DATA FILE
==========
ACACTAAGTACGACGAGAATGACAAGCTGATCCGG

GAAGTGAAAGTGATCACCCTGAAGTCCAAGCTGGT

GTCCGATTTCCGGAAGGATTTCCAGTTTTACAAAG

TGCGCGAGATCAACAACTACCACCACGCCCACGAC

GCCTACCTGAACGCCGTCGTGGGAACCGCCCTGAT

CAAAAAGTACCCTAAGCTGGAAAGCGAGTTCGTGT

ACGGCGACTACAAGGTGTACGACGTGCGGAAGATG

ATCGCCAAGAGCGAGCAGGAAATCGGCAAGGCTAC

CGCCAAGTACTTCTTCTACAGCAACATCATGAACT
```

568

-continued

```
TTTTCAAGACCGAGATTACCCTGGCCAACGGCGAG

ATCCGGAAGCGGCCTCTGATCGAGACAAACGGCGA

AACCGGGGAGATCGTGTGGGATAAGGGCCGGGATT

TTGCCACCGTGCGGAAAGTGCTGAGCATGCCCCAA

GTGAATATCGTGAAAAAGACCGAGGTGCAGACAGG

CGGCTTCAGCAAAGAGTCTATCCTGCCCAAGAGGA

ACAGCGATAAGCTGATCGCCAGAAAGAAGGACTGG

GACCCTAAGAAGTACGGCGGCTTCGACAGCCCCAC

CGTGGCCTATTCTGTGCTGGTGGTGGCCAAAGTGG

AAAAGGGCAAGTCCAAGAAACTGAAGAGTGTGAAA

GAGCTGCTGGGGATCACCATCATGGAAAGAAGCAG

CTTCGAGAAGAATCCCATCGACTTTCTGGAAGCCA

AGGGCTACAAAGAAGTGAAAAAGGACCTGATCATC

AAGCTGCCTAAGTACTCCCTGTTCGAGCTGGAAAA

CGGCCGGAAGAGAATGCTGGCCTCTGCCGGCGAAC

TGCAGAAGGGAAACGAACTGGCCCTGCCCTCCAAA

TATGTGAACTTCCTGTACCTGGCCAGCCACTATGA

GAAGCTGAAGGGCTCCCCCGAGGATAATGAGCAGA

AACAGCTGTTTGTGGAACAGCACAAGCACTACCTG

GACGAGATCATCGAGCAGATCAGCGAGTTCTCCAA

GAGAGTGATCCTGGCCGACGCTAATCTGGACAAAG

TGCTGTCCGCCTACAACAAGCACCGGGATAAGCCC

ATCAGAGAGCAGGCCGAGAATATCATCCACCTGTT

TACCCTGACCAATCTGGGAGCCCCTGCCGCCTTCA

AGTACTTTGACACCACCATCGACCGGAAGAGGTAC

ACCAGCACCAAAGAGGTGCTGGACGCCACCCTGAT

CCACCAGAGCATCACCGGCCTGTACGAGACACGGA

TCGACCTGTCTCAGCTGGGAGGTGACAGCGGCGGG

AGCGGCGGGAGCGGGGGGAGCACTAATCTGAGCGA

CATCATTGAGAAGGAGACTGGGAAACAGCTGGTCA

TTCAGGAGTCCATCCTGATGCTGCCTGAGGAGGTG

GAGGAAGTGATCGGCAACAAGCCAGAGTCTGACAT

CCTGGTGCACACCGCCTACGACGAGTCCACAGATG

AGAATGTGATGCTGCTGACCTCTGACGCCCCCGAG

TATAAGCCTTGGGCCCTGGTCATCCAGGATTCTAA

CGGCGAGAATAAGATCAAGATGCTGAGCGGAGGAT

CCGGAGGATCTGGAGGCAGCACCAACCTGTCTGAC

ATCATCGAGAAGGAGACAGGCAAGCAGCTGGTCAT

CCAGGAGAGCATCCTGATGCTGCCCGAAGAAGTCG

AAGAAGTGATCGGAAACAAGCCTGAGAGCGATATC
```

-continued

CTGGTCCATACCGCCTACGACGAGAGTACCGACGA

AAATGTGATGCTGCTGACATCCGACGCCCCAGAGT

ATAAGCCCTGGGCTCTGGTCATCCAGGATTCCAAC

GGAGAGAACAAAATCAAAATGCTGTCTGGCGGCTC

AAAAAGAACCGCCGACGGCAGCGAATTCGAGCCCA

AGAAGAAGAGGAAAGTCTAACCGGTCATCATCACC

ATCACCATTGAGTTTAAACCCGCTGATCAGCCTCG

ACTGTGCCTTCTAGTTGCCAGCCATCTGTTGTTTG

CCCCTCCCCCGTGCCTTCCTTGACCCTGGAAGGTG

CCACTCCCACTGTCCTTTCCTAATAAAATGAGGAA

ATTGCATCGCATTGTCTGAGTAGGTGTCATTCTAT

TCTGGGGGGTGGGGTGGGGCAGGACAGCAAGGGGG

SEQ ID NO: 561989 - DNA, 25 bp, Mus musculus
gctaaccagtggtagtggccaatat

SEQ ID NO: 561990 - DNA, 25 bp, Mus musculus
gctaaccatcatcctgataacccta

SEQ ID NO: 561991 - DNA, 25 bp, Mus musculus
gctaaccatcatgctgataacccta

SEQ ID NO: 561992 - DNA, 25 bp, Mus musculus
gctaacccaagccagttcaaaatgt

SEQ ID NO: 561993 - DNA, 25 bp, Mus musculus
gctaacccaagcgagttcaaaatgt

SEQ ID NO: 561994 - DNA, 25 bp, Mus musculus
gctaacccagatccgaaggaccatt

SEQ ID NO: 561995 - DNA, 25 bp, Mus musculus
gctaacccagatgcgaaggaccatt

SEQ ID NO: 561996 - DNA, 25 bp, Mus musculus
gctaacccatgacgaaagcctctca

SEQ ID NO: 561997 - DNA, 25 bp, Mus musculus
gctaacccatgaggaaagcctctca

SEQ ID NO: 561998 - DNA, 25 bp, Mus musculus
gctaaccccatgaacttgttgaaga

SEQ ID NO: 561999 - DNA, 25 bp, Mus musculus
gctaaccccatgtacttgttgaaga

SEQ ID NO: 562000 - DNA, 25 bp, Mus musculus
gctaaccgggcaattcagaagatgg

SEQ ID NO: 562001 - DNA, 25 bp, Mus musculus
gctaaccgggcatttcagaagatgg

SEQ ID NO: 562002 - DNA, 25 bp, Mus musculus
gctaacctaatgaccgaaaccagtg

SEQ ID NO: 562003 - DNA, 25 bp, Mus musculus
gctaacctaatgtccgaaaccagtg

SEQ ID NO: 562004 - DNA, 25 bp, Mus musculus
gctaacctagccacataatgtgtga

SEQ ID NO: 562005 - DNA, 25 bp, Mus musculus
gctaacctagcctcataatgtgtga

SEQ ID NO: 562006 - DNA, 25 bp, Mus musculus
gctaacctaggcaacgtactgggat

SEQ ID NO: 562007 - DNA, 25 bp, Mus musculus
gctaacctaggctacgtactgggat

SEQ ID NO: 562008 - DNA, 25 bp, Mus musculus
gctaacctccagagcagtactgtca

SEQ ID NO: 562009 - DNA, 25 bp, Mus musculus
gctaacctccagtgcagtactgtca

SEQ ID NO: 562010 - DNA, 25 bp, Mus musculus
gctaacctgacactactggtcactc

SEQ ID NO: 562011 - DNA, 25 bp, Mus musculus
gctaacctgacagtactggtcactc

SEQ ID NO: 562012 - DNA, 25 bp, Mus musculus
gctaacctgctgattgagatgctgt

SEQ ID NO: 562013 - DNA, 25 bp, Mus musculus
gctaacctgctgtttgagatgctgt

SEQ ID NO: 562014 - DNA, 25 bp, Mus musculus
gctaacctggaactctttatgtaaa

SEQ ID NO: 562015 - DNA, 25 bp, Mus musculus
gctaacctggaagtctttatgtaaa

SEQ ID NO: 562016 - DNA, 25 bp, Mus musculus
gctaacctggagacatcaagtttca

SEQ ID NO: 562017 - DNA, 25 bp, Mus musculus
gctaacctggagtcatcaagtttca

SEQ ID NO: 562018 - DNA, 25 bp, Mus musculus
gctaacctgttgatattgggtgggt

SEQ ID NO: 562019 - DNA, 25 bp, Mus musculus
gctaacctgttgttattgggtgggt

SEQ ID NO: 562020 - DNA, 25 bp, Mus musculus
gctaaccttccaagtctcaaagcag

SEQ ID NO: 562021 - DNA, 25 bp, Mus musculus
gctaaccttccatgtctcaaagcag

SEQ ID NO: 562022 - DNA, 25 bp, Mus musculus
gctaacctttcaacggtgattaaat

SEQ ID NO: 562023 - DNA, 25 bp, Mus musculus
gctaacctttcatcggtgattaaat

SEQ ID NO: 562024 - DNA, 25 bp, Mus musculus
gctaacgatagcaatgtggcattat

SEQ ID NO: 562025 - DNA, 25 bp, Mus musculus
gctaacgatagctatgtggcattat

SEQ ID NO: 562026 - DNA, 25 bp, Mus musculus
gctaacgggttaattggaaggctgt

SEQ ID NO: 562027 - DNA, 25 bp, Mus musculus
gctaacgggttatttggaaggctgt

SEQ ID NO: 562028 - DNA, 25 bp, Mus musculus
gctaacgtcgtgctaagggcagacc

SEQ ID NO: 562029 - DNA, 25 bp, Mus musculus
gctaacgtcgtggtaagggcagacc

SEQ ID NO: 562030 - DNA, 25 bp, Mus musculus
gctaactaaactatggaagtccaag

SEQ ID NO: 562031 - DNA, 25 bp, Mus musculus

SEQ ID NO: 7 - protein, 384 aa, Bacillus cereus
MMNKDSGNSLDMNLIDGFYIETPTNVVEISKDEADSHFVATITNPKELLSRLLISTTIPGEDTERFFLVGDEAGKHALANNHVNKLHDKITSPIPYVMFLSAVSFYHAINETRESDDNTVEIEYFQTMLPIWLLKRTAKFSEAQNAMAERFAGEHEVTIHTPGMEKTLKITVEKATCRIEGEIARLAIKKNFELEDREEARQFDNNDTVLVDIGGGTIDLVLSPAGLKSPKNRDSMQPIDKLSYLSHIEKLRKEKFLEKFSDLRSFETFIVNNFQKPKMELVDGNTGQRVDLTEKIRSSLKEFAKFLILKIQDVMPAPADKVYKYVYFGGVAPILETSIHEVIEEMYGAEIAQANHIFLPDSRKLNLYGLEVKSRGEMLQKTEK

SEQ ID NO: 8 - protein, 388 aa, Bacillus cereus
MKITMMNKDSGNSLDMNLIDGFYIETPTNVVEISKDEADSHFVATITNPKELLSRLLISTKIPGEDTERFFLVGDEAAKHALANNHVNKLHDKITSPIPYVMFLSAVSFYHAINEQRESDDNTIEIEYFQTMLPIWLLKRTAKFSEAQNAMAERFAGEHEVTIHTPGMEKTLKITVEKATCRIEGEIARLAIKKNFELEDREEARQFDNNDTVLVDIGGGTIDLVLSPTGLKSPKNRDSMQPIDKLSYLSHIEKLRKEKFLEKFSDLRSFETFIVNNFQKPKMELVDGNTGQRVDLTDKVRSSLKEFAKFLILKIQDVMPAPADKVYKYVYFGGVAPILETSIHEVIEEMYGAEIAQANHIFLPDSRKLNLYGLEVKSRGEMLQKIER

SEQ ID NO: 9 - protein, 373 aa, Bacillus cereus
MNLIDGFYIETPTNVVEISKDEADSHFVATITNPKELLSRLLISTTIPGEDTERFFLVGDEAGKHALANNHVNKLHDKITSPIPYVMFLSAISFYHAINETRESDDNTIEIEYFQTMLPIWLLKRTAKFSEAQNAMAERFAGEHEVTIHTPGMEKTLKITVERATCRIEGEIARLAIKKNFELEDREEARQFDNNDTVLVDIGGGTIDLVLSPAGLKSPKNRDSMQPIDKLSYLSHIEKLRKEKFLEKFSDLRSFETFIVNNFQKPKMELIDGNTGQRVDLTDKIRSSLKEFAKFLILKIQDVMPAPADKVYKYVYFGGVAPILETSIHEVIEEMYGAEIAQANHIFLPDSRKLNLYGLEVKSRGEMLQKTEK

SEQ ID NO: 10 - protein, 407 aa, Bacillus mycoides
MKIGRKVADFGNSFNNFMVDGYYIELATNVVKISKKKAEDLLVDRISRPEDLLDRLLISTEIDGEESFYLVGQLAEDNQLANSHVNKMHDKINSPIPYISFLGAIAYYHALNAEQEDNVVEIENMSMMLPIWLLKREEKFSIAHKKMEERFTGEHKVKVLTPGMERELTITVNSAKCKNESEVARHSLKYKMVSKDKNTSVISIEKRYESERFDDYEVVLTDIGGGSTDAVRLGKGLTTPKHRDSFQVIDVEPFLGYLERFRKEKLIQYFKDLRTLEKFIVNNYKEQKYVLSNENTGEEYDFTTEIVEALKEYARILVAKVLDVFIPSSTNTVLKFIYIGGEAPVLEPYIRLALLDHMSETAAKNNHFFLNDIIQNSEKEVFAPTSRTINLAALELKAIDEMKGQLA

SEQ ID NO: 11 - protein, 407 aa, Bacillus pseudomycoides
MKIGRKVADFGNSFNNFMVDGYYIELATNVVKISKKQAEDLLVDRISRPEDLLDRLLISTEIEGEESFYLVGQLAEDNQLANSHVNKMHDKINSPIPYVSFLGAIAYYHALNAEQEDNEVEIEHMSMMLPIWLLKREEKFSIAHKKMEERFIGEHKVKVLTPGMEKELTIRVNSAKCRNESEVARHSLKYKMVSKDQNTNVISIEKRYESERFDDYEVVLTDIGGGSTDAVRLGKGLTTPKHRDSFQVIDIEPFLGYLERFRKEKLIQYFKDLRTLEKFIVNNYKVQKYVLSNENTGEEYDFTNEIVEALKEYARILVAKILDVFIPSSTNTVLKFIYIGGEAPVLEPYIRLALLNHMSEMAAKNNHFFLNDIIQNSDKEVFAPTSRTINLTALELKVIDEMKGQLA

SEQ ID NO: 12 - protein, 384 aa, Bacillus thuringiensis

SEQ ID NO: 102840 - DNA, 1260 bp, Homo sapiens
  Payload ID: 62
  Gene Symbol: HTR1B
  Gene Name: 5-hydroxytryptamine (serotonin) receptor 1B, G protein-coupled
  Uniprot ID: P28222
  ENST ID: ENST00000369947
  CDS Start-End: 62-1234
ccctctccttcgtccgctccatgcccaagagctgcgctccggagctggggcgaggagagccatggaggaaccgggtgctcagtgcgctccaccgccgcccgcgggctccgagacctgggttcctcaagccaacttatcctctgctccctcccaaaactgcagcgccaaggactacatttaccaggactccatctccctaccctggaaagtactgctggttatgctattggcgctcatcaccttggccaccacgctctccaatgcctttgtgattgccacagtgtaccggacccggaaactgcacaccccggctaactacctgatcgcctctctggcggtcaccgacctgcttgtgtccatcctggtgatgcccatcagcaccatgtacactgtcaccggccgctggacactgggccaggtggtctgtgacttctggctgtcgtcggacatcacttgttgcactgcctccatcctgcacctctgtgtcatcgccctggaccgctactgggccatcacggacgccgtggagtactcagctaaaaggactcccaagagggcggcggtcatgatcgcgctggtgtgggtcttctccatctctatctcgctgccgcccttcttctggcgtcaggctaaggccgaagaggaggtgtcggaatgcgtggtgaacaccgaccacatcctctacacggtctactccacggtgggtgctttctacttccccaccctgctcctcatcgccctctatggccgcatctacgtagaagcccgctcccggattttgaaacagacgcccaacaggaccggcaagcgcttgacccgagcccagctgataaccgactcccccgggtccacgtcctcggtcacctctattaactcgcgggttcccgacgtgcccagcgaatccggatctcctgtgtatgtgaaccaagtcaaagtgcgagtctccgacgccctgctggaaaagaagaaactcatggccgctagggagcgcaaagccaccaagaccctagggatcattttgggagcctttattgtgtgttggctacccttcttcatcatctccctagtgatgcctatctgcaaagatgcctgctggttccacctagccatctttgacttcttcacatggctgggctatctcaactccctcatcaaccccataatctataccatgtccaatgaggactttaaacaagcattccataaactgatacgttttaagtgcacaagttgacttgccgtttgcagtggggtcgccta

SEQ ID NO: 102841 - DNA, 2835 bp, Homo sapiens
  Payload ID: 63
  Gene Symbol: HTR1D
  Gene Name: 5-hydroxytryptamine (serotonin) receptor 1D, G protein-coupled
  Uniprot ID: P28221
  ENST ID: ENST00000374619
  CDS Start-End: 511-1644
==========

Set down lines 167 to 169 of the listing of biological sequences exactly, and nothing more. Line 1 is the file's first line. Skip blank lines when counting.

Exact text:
  Gene Name: 5-hydroxytryptamine (serotonin) receptor 1B, G protein-coupled
  Uniprot ID: P28222
  ENST ID: ENST00000369947